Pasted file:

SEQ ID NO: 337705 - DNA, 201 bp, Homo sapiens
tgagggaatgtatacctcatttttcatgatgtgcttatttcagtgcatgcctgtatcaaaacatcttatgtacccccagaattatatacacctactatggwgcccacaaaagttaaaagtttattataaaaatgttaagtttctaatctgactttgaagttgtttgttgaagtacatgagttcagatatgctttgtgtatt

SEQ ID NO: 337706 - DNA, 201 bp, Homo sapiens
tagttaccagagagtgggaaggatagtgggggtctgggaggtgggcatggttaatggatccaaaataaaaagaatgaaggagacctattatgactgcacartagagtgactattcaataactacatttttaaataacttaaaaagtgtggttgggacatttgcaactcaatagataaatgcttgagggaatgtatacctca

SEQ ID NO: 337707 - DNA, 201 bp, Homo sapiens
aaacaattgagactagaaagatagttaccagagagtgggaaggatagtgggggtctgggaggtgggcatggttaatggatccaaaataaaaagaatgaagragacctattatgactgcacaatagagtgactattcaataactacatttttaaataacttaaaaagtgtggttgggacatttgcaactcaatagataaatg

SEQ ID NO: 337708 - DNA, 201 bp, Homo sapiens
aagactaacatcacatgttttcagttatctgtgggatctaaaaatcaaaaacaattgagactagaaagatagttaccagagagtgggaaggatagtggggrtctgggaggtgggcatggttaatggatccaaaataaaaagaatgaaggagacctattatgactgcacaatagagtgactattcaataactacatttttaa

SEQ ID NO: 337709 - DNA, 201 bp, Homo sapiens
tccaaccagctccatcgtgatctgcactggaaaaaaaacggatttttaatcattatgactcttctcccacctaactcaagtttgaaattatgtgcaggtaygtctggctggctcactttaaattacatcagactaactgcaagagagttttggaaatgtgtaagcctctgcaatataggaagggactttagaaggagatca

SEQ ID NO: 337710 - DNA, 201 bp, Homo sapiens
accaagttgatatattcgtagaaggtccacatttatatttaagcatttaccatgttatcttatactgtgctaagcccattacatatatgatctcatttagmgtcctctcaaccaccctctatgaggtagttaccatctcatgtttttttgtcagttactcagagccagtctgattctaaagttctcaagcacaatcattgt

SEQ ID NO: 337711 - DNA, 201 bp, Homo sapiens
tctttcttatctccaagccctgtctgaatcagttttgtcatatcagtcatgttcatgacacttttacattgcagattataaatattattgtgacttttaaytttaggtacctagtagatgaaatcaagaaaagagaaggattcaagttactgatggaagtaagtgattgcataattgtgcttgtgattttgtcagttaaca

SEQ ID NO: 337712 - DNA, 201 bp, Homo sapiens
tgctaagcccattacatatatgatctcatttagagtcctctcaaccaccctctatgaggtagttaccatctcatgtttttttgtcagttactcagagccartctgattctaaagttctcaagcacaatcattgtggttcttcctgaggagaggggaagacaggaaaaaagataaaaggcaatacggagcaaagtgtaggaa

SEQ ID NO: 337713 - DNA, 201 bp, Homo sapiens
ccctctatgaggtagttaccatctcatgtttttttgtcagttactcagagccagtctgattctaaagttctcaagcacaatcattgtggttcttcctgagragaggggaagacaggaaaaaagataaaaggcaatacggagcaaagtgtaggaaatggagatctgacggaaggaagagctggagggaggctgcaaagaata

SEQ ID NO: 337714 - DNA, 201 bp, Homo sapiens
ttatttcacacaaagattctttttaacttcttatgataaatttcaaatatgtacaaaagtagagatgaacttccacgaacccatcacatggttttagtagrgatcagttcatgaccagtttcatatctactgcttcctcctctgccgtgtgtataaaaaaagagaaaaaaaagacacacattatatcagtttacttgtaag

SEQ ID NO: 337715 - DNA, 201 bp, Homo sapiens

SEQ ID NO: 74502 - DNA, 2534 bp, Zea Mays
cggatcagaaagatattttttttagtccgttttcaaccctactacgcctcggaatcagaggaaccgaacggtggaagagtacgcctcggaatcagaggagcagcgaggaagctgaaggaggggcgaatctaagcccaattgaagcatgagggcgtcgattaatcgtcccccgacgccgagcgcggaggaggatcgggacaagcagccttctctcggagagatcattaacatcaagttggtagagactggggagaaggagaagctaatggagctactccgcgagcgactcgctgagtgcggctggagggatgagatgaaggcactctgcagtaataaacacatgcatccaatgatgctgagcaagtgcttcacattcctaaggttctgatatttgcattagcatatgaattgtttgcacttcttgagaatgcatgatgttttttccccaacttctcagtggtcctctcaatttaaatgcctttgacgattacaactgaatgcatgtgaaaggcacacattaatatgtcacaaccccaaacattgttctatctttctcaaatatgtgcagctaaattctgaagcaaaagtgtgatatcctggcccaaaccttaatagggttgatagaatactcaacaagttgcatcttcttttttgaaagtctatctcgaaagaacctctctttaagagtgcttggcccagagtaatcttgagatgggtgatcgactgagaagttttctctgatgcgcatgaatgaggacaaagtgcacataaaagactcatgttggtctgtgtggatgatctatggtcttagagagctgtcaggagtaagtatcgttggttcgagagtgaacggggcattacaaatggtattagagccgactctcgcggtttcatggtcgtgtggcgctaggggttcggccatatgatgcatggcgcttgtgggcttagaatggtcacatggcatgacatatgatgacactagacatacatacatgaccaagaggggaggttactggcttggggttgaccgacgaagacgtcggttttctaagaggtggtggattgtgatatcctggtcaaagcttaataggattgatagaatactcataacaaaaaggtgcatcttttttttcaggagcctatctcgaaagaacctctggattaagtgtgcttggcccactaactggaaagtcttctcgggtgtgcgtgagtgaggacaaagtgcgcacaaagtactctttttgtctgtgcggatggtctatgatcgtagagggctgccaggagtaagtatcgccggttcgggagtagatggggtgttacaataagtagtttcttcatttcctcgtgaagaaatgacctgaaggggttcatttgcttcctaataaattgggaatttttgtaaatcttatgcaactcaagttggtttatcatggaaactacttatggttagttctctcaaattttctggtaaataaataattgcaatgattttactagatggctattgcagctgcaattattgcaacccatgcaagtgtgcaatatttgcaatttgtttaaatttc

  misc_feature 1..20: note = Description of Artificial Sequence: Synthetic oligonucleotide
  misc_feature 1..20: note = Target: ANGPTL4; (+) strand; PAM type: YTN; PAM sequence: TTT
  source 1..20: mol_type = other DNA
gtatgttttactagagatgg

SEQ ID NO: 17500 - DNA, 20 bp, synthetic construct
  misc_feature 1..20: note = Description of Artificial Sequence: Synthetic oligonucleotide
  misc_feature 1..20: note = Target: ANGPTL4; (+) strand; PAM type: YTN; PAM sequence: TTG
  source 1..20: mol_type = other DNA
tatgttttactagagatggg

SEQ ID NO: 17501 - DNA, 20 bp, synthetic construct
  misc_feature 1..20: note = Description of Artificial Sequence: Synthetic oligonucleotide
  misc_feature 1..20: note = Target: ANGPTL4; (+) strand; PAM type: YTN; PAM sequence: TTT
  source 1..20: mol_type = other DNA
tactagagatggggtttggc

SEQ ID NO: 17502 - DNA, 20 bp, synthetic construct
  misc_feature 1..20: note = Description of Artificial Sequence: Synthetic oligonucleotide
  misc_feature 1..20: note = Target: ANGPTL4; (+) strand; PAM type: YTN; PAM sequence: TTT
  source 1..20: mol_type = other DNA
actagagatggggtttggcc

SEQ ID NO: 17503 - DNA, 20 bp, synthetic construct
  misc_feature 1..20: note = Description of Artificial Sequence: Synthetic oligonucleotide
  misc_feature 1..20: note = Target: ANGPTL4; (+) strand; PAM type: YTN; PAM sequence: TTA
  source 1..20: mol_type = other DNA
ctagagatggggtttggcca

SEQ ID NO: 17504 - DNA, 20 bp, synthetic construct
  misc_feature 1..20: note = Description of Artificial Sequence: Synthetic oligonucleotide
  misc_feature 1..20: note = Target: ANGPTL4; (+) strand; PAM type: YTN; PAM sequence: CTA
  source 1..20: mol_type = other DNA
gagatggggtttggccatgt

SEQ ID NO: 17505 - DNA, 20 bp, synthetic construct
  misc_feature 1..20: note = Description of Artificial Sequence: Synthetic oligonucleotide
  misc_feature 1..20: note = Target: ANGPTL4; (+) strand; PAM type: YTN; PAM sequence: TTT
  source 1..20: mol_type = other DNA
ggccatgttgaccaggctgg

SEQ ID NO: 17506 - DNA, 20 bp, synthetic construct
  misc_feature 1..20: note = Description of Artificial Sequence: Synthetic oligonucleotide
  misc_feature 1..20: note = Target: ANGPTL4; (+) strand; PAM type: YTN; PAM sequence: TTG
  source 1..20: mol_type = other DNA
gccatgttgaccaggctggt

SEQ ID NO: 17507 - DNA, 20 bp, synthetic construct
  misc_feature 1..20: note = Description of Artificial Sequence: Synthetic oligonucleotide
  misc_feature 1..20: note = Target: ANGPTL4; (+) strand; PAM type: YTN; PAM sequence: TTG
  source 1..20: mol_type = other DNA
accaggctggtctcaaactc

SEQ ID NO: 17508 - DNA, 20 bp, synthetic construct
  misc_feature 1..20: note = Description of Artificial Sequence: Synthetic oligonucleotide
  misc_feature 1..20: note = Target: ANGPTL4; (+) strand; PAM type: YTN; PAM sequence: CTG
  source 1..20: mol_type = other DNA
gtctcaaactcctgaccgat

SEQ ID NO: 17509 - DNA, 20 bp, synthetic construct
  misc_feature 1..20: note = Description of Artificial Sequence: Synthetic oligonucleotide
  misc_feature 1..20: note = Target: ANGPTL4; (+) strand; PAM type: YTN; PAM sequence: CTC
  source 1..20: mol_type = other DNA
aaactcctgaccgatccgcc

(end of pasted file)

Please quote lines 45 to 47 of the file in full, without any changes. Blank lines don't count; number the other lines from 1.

  misc_feature 1..20: note = Target: ANGPTL4; (+) strand; PAM type: YTN; PAM sequence: TTA
  source 1..20: mol_type = other DNA
ctagagatggggtttggcca